Laptop Mag Verdict
The VictSing PC259A has a few quirks, but it's sturdy build and robust software means you’ll get a lot of bang for your buck.
Tactile, clicky keys
A little loud
Lacks wrist rest
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Searching for a cool and colorful gaming keyboard that one can flaunt without breaking the bank can be a pain in the rear. Limited zone lighting, generic keycaps and a lack of customization options are some of the many issues gamers face while hunting for lower-priced replicas of the flashy keyboards their favorite content creators use. Not to mention the number of misleading product pages that claim that their keyboards are mechanical when, in reality, they’re selling membrane-based switches.
But thanks to the VictSing PC259A, you can finally get your hands on a real mechanical keyboard that provides a tactile typing experience, customizable RGB lighting and a solid build quality. And with its compact form factor, you’ll still have plenty of space for your mouse.
Of course, with its entry-level price point, don’t expect this $40 keyboard to perform as well as more expensive keyboards such as the Logitech G915. The VictSing keyboard has a few quirks, including confusing shortcut keys and a cluttered design. But at such a bargain, you’re getting full-featured companion software, clicky, albeit ingenuine, blue switches and animated lighting effects to enliven your gaming experience.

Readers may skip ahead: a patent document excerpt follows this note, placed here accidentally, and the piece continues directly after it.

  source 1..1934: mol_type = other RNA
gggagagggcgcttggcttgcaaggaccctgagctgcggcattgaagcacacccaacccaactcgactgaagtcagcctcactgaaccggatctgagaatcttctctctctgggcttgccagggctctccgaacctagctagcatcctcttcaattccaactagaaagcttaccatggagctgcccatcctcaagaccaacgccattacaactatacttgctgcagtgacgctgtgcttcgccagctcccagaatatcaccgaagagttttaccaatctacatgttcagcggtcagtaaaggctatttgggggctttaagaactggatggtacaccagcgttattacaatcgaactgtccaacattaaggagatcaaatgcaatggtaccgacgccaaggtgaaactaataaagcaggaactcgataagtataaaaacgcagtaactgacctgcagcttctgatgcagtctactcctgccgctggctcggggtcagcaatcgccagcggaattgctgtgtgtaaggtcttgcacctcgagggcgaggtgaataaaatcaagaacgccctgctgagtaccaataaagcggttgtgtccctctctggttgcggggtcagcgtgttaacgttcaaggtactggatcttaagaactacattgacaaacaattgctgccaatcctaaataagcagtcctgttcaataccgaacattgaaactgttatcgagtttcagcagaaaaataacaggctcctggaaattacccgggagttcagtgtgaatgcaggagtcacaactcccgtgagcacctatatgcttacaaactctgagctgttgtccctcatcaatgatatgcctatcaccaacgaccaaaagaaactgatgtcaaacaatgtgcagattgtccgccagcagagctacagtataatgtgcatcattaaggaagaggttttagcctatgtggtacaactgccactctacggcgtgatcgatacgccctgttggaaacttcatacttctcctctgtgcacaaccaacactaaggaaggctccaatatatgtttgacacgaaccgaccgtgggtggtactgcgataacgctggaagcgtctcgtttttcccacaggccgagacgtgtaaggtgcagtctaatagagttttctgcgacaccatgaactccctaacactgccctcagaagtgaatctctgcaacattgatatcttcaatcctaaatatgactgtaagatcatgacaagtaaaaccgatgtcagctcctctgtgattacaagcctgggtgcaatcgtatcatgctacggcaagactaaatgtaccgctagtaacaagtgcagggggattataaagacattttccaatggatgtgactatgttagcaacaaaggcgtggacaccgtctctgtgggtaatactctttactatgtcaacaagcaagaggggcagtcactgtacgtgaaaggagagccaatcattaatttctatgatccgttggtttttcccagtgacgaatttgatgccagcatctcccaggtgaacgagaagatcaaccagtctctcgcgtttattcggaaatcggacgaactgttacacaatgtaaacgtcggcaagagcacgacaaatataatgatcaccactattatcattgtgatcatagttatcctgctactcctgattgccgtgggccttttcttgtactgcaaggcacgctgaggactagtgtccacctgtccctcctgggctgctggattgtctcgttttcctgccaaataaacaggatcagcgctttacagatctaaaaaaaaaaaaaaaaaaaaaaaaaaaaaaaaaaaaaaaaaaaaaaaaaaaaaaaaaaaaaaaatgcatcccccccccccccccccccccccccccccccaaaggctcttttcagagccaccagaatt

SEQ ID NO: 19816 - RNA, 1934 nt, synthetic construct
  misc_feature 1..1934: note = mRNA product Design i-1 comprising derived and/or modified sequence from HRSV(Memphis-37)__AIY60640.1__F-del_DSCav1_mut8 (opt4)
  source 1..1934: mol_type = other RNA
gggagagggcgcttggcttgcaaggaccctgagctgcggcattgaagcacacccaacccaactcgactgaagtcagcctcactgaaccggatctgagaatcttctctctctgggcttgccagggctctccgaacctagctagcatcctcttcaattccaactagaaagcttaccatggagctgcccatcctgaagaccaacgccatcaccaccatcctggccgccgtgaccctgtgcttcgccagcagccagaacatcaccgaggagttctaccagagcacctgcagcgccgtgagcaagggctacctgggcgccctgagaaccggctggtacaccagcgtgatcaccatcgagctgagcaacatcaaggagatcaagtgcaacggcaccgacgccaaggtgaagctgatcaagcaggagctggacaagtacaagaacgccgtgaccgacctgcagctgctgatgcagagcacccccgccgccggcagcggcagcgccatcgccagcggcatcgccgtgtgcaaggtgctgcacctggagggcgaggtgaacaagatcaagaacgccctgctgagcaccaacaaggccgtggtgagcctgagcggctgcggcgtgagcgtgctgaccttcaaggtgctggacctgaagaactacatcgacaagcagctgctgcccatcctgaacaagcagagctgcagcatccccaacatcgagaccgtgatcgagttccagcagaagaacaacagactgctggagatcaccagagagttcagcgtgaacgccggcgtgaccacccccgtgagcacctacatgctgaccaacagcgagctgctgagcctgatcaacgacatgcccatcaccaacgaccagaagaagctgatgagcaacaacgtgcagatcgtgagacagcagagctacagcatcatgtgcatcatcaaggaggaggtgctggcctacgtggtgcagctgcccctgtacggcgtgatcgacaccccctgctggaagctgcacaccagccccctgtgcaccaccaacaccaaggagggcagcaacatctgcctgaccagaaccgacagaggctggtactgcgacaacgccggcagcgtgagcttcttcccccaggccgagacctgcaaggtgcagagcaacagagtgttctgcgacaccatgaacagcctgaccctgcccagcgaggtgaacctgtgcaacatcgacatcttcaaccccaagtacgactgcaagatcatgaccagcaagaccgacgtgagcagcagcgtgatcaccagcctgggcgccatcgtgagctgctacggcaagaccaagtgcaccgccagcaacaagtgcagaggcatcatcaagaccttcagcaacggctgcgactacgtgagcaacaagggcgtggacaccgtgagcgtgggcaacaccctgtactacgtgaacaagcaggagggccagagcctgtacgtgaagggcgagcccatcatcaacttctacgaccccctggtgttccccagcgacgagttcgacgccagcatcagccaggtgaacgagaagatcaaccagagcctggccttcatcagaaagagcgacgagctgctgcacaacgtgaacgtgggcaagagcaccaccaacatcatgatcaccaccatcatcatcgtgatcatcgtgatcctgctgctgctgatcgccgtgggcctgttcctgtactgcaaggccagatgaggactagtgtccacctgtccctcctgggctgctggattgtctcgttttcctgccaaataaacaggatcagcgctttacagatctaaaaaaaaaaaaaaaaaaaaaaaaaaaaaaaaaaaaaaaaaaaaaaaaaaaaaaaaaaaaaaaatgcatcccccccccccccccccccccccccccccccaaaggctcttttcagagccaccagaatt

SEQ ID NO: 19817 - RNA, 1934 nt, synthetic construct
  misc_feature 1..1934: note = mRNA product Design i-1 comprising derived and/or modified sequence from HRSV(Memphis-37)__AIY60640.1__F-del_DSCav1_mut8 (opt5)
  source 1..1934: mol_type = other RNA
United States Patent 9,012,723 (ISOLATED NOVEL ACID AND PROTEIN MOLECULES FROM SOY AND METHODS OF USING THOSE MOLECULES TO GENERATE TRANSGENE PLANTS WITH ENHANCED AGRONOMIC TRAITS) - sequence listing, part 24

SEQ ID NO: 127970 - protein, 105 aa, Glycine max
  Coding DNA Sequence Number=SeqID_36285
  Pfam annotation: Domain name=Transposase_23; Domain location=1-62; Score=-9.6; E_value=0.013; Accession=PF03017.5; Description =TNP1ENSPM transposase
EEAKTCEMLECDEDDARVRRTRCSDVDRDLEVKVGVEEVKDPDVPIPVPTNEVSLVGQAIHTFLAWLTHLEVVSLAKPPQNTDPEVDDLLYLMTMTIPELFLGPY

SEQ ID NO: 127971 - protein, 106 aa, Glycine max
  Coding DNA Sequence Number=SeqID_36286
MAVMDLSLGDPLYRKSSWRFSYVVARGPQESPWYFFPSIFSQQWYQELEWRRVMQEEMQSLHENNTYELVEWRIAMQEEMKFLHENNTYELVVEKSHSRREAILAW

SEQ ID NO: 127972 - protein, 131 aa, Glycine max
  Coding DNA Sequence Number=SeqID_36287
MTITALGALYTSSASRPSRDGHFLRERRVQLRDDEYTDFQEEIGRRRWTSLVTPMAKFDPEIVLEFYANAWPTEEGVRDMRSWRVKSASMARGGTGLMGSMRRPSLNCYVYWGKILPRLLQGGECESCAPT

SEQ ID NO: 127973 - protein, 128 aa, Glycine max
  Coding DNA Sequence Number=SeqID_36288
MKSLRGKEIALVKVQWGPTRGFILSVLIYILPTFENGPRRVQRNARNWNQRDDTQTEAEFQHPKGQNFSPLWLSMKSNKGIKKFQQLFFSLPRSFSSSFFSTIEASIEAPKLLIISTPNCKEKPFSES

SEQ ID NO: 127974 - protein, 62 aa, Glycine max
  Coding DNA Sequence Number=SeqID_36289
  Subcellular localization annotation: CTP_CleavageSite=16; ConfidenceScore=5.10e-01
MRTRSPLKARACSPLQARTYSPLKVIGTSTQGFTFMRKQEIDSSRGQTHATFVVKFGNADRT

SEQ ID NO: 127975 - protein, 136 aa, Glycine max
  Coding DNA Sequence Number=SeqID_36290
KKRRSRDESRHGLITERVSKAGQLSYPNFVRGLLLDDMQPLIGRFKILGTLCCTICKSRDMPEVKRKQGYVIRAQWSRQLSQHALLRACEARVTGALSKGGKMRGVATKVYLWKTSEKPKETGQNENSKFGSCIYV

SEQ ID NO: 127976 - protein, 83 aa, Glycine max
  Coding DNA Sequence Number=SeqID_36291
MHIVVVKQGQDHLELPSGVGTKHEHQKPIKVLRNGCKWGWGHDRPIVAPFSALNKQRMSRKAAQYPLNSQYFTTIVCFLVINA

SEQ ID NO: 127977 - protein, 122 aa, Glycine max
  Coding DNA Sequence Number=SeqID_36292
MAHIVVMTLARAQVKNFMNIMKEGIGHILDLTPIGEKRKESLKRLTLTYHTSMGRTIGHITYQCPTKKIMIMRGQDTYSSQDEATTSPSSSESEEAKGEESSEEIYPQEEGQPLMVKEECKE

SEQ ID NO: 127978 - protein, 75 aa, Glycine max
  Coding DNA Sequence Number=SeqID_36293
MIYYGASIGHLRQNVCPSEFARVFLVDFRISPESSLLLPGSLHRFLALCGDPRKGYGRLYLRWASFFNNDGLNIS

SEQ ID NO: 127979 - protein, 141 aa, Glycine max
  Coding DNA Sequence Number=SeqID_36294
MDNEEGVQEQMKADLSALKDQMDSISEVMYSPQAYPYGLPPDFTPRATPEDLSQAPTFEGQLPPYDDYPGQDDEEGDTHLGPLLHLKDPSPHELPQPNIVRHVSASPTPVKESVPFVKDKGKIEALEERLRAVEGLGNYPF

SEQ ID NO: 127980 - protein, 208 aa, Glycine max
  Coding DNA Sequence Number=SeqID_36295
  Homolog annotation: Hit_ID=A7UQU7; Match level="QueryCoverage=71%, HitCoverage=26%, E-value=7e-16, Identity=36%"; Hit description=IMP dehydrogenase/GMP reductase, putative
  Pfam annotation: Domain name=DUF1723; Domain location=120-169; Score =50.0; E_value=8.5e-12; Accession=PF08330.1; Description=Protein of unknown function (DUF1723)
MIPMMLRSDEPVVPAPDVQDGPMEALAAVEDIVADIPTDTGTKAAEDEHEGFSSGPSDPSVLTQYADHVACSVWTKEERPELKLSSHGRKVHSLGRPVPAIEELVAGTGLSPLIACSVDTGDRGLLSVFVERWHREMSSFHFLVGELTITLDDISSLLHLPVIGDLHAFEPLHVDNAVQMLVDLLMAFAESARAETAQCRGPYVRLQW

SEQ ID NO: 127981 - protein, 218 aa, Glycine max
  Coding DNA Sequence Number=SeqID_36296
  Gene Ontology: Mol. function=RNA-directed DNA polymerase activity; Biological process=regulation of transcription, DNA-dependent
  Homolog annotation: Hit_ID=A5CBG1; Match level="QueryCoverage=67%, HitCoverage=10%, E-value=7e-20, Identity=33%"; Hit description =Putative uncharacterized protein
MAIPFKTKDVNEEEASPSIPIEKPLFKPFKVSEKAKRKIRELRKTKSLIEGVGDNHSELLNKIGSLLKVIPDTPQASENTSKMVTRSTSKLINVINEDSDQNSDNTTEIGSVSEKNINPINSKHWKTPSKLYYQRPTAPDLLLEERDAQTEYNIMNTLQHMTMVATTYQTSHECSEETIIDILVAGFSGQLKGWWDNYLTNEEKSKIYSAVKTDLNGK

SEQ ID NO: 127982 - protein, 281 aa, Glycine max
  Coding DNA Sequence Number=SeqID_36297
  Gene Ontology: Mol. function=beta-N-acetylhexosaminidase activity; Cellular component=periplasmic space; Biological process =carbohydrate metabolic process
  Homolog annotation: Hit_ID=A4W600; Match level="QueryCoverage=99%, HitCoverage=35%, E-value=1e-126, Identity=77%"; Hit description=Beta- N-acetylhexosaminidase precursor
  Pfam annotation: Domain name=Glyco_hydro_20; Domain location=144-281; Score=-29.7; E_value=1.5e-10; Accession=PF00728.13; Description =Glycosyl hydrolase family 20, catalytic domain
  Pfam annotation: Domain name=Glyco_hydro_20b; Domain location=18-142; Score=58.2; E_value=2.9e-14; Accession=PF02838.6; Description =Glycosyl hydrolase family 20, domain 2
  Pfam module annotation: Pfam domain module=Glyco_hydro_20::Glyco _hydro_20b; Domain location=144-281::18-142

The VictSing PC259A is a compact, 96-key keyboard with a giant slab of aluminium on the front that, personally, would’ve looked better in a brushed finish. Measuring a little less than 14.5 inches wide, the keyboard has a compact footprint that fits perfectly on my desk, allowing room for my mouse and other peripherals.
Examining the bottom of the keyboard, there are a few small, yet welcomed features that organized gamers will love. The keyboard's cable is situated at the center of the underside of the keyboard instead of its typical edge-of-the-keyboard location. VictSing implemented left, center and right channels for routing the cable out of the way while you dive into your favorite PC games. You'll also find a keycap remover, a spare keycap and drainage holes to mitigate damage from liquid spills. Unfortunately, this keyboard does not feature a wrist rest.
If you've got an affinity for vibrant, bright RGB lighting, you'll enjoy the VictSing PC259A. Certain Fn key combinations will shuffle through three static lighting presets and six animated lighting effects. You can also adjust the brightness and speed levels for the keyboard’s RGB lighting effects. . When you've reached the maximum levels of brightness and speed, LED indicators on the top-left of the keyboard will blink three times. RGB lighting enthusiasts will be happy to know that VictSing offers software for RGB-lighting management, but I didn't feel compelled to use it — the keyboard does more than enough.